OIL MARKET WILL STABLE
PLATTS - Saudi energy minister Prince Abdulaziz bin Salman pledged on Monday to help ensure the stability of the global oil market amid rising tensions in the Middle East following the US killing of a top Iranian commander in Baghdad.
"As tensions remain high in our region, the kingdom will do all it can to ensure a stable oil market," the minister told the International Petroleum Technology Conference in the Saudi city of Dhahran.
The strike that killed Qassem Soleimani helped to push oil prices up to $70/b for the first time since September, as Iran retaliated to the killing with attacks on US forces stationed in Iraq. Brent has since retreated, trading nearly unchanged at $65.03/b at 1:56 am EST time.
Saudi Arabia, the world's biggest oil exporter, is in the midst of an OPEC+ agreement to cut 1.7 million b/d of crude from the market in Jan through to March.
"The president of the United States is the president of the United States, he can do whatever he wishes, and he is certainly not accountable to me," the prince said in reply to a question on the US killing of Soleimani. "However, the US is a strategic partner. It has a big role in security."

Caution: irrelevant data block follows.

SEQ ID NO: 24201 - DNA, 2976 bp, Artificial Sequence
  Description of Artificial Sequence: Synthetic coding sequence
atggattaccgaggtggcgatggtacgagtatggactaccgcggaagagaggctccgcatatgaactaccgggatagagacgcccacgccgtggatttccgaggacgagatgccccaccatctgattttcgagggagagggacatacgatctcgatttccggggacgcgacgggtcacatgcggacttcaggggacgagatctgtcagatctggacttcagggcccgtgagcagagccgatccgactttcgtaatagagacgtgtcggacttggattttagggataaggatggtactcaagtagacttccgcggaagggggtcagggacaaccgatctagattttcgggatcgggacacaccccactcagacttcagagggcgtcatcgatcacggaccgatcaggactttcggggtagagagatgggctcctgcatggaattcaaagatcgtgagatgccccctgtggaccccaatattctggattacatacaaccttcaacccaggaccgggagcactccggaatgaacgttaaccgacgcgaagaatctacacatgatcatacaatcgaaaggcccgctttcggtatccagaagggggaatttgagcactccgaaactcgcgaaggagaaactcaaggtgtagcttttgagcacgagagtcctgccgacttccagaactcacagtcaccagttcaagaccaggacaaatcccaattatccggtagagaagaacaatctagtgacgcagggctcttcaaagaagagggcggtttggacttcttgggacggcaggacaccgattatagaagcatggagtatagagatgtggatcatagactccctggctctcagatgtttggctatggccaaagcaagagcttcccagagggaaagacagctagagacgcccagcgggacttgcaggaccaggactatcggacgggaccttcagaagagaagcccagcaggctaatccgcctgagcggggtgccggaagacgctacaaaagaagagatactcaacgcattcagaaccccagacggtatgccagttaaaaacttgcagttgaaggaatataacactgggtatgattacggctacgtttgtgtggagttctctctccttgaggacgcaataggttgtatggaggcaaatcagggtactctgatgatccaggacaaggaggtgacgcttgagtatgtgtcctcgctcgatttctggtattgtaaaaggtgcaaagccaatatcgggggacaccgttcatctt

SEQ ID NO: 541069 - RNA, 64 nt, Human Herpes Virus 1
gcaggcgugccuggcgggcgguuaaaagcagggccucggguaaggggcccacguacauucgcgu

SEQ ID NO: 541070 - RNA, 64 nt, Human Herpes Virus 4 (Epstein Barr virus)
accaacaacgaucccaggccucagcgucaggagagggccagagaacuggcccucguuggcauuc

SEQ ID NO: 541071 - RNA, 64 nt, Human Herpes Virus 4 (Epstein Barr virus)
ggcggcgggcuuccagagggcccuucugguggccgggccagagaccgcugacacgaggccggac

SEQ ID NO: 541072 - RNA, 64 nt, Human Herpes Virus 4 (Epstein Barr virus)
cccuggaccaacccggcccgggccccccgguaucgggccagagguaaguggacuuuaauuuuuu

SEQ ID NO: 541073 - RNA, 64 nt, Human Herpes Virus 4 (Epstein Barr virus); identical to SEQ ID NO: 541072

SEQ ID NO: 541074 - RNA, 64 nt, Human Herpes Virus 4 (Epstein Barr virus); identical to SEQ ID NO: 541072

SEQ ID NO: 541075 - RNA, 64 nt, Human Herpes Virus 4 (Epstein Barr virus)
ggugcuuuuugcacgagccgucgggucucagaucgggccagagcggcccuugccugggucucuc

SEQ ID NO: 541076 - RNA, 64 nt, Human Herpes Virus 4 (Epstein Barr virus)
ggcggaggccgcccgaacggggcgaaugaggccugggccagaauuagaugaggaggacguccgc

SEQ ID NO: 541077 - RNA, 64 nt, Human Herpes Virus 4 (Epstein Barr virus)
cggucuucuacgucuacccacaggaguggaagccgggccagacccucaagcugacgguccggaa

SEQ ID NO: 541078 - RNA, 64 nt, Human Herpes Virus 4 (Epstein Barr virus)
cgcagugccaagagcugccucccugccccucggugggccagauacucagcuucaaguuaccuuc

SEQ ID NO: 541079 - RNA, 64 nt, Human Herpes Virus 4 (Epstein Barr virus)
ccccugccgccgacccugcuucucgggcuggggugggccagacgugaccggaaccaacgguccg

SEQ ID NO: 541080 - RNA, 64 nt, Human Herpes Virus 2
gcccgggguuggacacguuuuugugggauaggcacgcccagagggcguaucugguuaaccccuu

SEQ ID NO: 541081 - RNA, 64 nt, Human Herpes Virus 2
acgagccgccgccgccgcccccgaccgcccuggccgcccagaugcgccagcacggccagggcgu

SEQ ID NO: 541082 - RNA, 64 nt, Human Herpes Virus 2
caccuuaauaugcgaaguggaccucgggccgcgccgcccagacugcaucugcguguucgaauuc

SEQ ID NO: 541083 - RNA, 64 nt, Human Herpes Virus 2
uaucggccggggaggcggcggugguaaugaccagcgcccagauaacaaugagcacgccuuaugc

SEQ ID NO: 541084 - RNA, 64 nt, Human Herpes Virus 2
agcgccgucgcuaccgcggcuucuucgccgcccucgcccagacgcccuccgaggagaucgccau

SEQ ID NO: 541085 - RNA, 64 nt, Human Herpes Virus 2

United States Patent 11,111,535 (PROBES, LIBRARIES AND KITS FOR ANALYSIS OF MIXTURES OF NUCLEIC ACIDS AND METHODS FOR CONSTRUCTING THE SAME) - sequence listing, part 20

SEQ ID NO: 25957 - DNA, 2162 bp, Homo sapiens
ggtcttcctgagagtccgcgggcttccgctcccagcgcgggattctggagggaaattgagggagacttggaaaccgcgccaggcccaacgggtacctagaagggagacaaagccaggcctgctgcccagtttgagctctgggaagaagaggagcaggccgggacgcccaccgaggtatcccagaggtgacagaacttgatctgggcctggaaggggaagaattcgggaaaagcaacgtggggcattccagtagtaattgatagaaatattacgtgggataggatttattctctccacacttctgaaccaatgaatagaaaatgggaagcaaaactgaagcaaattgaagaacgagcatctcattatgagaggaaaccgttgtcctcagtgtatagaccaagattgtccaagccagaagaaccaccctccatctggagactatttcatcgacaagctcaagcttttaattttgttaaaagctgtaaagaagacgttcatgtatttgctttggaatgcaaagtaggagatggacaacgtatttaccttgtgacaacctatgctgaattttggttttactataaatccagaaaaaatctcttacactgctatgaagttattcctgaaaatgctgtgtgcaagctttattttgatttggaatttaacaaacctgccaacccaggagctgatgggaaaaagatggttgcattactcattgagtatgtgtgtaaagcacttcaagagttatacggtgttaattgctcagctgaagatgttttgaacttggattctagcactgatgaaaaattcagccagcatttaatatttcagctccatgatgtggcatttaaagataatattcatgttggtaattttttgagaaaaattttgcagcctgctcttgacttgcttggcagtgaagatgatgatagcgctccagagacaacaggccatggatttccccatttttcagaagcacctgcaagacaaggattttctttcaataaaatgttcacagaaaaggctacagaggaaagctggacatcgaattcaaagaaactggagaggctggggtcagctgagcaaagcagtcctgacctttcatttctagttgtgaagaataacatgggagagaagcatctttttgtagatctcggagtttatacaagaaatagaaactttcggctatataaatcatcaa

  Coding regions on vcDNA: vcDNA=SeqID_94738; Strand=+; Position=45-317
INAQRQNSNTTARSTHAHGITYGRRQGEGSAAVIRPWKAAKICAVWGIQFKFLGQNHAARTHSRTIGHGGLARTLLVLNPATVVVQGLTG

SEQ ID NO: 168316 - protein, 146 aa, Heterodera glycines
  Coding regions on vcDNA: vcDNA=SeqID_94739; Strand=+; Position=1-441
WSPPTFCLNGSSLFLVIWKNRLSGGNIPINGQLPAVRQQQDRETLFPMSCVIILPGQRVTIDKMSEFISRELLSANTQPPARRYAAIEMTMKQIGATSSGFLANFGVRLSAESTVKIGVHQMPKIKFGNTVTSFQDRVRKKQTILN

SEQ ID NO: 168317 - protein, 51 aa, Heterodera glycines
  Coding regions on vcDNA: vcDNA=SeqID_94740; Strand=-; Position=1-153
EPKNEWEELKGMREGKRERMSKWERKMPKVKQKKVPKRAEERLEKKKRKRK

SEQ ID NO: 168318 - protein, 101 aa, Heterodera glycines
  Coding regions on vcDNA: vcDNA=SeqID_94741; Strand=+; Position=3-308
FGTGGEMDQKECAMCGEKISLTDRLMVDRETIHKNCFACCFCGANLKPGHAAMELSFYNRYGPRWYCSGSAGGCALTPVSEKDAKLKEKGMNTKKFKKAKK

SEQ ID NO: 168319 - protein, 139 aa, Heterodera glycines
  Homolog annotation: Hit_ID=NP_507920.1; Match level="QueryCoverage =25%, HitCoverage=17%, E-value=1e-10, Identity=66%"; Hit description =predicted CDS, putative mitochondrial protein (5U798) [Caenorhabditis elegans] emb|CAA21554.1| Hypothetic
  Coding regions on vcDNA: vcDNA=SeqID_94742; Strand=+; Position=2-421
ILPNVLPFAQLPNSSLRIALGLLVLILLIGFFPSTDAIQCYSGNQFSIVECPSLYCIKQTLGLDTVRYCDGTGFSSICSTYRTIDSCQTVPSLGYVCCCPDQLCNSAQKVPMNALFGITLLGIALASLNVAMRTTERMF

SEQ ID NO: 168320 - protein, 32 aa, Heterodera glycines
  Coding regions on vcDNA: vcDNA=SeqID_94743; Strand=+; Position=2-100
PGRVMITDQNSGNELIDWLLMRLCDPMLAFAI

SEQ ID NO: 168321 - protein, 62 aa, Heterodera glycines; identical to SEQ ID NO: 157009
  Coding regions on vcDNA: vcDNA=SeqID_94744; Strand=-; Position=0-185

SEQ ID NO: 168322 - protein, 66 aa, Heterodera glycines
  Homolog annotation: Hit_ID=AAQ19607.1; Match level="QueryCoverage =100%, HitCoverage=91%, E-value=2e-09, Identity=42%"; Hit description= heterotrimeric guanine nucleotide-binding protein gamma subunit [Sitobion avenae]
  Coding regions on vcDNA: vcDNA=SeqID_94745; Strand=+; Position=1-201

Saudi Arabia, the world's biggest oil exporter, is in the midst of an OPEC+ agreement to cut 1.7 million b/d of crude from the market in January through to March.
Saudi Arabia's new quota is 10.145 million b/d, but the kingdom plans to produce at a maximum of 9.744 million b/d with its voluntary cut of 400,000 b/d announced at the OPEC+ meeting in December. That brings the total OPEC+ cuts to 2.1 million b/d.
"Generally we don't like volatility," the minister said. "Predictability comes with a price tag. That price tag comes with the creation of institutions such as OPEC and OPEC+."
Saudi Arabia, OPEC's largest producer, trimmed its production in December to 9.82 million b/d, according to the latest S&P Global Platts OPEC survey, after surging it in November to replenish stocks depleted in the wake of the September 14 attacks on the Abqaiq processing facility and Khurais oil field.
"We're leaving it until we meet in March," said Prince Abdulaziz when asked about the OPEC+ agreement which will be discussed at a meeting in Vienna in March. "We have made an agreement subject to review. We have to see how the situation then will be, what level inventories are. We are focused on inventories."
Prince Abdulaziz said among his goals for 2020 are "sustainable growth in terms of demand, sustainable growth in terms of supply, predictability and making sure we are focused on the challenges of the industry, which is how to produce oil in the most efficient way."
He also emphasized that growth in oil demand should not impact the environment.
Yasir Al-Rumayyan, Saudi Aramco's chairman, stressed the need to maintain a balance between transition to cleaner energy and energy security.
"A short-sighted narrative on the energy transition is [emerging] which could have strategic implication for the world's energy security," he said.
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